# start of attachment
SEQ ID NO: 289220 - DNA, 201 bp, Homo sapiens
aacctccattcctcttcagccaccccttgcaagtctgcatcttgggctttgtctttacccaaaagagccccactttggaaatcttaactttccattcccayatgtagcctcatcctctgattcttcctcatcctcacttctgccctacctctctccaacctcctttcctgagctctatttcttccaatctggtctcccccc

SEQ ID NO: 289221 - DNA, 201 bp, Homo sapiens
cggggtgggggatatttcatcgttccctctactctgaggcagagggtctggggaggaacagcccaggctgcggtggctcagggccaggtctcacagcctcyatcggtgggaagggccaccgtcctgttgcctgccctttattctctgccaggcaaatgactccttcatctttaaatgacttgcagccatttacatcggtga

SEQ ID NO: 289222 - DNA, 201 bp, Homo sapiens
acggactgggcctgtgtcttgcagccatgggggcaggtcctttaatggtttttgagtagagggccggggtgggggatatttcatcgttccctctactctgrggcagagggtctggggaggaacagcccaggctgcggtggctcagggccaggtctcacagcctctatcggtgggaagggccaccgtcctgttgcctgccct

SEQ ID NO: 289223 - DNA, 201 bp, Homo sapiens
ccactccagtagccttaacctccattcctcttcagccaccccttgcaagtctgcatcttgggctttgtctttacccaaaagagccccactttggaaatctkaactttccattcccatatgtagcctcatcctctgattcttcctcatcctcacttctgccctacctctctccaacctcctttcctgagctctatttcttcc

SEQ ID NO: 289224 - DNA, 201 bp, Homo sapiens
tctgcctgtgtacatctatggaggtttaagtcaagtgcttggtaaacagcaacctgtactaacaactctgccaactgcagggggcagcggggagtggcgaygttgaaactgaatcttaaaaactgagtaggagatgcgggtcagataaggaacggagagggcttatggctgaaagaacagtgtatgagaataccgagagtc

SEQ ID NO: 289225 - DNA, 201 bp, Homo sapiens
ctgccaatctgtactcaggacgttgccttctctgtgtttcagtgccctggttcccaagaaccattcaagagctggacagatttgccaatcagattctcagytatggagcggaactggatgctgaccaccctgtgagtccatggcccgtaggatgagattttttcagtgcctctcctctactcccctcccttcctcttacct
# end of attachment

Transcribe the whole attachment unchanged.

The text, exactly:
SEQ ID NO: 289220 - DNA, 201 bp, Homo sapiens
aacctccattcctcttcagccaccccttgcaagtctgcatcttgggctttgtctttacccaaaagagccccactttggaaatcttaactttccattcccayatgtagcctcatcctctgattcttcctcatcctcacttctgccctacctctctccaacctcctttcctgagctctatttcttccaatctggtctcccccc

SEQ ID NO: 289221 - DNA, 201 bp, Homo sapiens
cggggtgggggatatttcatcgttccctctactctgaggcagagggtctggggaggaacagcccaggctgcggtggctcagggccaggtctcacagcctcyatcggtgggaagggccaccgtcctgttgcctgccctttattctctgccaggcaaatgactccttcatctttaaatgacttgcagccatttacatcggtga

SEQ ID NO: 289222 - DNA, 201 bp, Homo sapiens
acggactgggcctgtgtcttgcagccatgggggcaggtcctttaatggtttttgagtagagggccggggtgggggatatttcatcgttccctctactctgrggcagagggtctggggaggaacagcccaggctgcggtggctcagggccaggtctcacagcctctatcggtgggaagggccaccgtcctgttgcctgccct

SEQ ID NO: 289223 - DNA, 201 bp, Homo sapiens
ccactccagtagccttaacctccattcctcttcagccaccccttgcaagtctgcatcttgggctttgtctttacccaaaagagccccactttggaaatctkaactttccattcccatatgtagcctcatcctctgattcttcctcatcctcacttctgccctacctctctccaacctcctttcctgagctctatttcttcc

SEQ ID NO: 289224 - DNA, 201 bp, Homo sapiens
tctgcctgtgtacatctatggaggtttaagtcaagtgcttggtaaacagcaacctgtactaacaactctgccaactgcagggggcagcggggagtggcgaygttgaaactgaatcttaaaaactgagtaggagatgcgggtcagataaggaacggagagggcttatggctgaaagaacagtgtatgagaataccgagagtc

SEQ ID NO: 289225 - DNA, 201 bp, Homo sapiens
ctgccaatctgtactcaggacgttgccttctctgtgtttcagtgccctggttcccaagaaccattcaagagctggacagatttgccaatcagattctcagytatggagcggaactggatgctgaccaccctgtgagtccatggcccgtaggatgagattttttcagtgcctctcctctactcccctcccttcctcttacct